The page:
For years Ja'ar, 50 miles northeast of Aden, has been a stronghold of Yemen's most militant Islamic groups - groups under a spotlight following the Oct. 12 attack on the USS Cole as it sat in Aden's port. The Cole bombing killed 17 servicemen and wounded 35 others.

Yemeni President Ali Abdullah Saleh has confirmed that some members of the group Islamic Jihad have been detained for questioning in connection with the assault on Cole.

While radical groups have been forced to abandon their military camps in the rugged mountains surrounding Ja'ar, their members are still active in Ja'ar, delivering speeches and sermons peppered with anti- American rhetoric.

"They have only changed their skin and their tactics, but they do not seem to be less motivated than ever to pursue their goals," said Hussein Saeed Saleh, head of the town's branch of the Socialist Party, which ruled South Yemen before the 1990 merger with North Yemen.

When it was an independent state, South Yemen prided itself as the only secular country amid traditional societies on the Arabian Peninsula.

Today, alcohol is prohibited in Ja'ar, a dusty town with one main street and clusters of brick buildings about 10 miles from coast. Schools were forced to adopt a fundamentalist curriculum and women are banned from leaving their houses without draping themselves head- to-toe in black robes. Violators of the strict rules are subject to severe punishment, including public lashing.

The Aden-Abyan Islamic Army, which many believe remains capable of planning and mounting terrorist attacks, once had a base in the mountains above Ja'ar.

The group is believed to have been set up by Yemenis and other Arabs who fought in Afghanistan against the Soviets in the 1980s and later returned to their countries to wage a jihad, or holy war, against their own governments.

In 1994, the Aden-Abyan Islamic Army under Zein al-Abidine al-Mihdar fought alongside the northern forces in the civil war that ended the secessionist regime in the south. As a reward, President Saleh allowed them to function freely and even to open military training facilities. He appointed some Islamic extremists to military and government jobs.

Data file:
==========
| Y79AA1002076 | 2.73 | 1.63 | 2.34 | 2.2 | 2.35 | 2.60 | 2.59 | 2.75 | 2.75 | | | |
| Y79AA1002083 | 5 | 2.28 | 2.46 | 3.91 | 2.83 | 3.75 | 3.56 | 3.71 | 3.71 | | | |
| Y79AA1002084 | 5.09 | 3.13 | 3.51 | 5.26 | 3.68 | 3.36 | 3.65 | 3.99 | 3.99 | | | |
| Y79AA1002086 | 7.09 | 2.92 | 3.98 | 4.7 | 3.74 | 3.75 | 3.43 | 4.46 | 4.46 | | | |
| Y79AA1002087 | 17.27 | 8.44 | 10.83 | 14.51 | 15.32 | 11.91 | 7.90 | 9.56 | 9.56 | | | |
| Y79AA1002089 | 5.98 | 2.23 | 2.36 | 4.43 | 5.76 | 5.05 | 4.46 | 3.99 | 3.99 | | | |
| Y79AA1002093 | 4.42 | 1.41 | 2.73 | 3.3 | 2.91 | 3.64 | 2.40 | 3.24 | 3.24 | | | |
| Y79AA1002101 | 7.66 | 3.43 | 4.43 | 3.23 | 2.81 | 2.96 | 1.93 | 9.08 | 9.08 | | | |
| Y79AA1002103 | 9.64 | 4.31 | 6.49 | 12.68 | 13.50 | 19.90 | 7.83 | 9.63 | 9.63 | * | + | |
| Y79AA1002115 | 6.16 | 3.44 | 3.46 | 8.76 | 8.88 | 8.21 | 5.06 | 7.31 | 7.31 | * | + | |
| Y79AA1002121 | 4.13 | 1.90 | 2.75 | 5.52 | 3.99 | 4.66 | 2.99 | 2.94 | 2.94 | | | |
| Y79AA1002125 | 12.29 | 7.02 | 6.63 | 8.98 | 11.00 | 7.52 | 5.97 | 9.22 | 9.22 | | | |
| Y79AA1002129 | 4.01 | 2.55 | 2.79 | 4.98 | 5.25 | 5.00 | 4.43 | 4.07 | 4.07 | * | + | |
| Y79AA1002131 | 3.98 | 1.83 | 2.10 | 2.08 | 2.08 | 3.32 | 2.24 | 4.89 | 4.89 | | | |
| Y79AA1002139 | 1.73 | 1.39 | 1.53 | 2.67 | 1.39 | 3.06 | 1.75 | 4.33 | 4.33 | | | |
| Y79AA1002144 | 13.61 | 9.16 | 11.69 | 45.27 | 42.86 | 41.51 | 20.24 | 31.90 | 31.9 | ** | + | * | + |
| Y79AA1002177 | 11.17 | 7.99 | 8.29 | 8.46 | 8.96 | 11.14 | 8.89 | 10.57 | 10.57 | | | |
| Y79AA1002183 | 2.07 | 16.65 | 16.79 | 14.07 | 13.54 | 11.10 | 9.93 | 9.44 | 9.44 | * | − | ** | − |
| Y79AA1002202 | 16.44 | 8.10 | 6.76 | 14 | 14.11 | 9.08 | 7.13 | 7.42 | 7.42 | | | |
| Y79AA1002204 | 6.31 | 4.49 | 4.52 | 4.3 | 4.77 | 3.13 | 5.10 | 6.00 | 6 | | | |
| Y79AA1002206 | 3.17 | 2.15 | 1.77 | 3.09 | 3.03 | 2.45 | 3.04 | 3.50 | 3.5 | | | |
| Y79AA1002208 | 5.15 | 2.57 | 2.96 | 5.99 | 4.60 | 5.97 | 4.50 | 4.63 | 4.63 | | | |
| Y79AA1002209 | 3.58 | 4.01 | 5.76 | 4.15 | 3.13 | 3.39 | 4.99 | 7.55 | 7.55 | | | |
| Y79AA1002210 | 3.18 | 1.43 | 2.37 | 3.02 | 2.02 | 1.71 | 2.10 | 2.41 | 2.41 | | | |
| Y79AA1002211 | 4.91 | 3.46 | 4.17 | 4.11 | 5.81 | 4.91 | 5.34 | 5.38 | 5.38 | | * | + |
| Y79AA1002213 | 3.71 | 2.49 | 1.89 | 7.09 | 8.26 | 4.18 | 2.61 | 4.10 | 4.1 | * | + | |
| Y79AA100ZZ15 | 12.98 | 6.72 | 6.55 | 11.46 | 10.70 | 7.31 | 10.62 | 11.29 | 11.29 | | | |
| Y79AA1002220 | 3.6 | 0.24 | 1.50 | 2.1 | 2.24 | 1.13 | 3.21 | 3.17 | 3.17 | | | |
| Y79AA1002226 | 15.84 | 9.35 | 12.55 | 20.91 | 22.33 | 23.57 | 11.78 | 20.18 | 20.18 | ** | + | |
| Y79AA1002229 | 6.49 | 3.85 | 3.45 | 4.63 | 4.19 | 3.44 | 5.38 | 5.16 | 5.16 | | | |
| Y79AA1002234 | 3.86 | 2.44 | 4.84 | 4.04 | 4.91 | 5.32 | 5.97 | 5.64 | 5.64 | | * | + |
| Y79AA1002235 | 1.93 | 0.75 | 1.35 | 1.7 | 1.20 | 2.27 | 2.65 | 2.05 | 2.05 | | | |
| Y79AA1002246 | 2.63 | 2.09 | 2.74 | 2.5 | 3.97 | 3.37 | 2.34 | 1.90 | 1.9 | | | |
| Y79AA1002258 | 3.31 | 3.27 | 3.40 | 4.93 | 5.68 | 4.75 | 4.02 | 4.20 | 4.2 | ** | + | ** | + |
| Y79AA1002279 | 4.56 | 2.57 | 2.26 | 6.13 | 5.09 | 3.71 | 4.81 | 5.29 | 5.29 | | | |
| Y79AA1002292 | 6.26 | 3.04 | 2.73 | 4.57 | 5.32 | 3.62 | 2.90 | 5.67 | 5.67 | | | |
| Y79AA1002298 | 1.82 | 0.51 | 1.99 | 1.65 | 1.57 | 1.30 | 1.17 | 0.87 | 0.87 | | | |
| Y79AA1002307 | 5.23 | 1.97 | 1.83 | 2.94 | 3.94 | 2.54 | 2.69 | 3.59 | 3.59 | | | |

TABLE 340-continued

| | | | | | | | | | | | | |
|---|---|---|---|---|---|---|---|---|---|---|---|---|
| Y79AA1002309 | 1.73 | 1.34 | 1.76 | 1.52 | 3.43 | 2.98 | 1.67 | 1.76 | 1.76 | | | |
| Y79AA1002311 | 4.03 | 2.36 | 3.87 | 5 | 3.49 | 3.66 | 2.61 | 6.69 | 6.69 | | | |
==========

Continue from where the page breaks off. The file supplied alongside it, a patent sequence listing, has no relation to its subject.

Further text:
The Aden-Abyan Islamic Army imposed its version of Islamic law in southern Yemen, closing down cinemas, bars and nightclubs. They even burned down a government-owned beer factory.

When the government tried to rein them in, they proclaimed the state anti-Islamic and began attacking security positions and oil pipelines and kidnapping foreign tourists.

Sources close to the group said al-Mihdar also began building closer relations with Osama bin Laden, whom he knew from Afghanistan.

Al-Mihdar applauded as "a heroic operation" the 1998 bombings of U.S. embassies in Kenya and Tanzania that killed 224 people. Washington blames bin Laden for the bombings.

In a statement after the bombings, al-Mihdar called on all Yemenis to "kill the Americans and take their belongings and to destroy their facilities and bases which are under preparation in Aden, Hodeidah and Socotra."

Militants' activities in Yemen were no secret to the U.S. government, which has called Yemen a haven for terrorists. Now many in the United States are asking why the Cole and other U.S. ships would risk a visit to southern Yemen to refuel.

The Cole was scheduled Wednesday to leave Yemen's shores "in a few days' time," said Frederik Steenbuch, manager of the Norwegian company bringing the Cole back to the United States. The Cole has been loaded onto the deck of the Blue Marlin, a ship owned by Steenbuch's company, Offshore Heavy Transport. The trip home is expected to take about five weeks.

Four months after the attacks on U.S. embassies in Africa, the Aden- Abyan Army kidnapped 16 foreign tourists. Government soldiers stormed the hide-out near Ja'ar and four of the hostages died in the rescue attempt. Al-Mihdar was captured and later convicted in the hostages' deaths and executed.

The raid netted explosives, timing devices and a list of targets including the Royal Hotel in Aden, home to American soldiers helping the Yemeni army clear mines. And the army found with al-Mihdar many non-Yemeni Arabs, mostly Egyptian and Algerian Afghan war veterans, among them a member of Egypt's Islamic Group who was identified as a close assistant to the group's leader Ayman al-Zawahri, a senior leader of bin Laden's Al-Qaida terrorist network.

On Wednesday, Yassir Tawfiq el-Sirri, an Islamic activist who runs the London-based Islamic Observatory, said bin Laden and his supporters have evacuated hide-outs in Afghanistan, fearing Washington might launch a strike against them.

-- Martin Thompson (, November 01, 2000.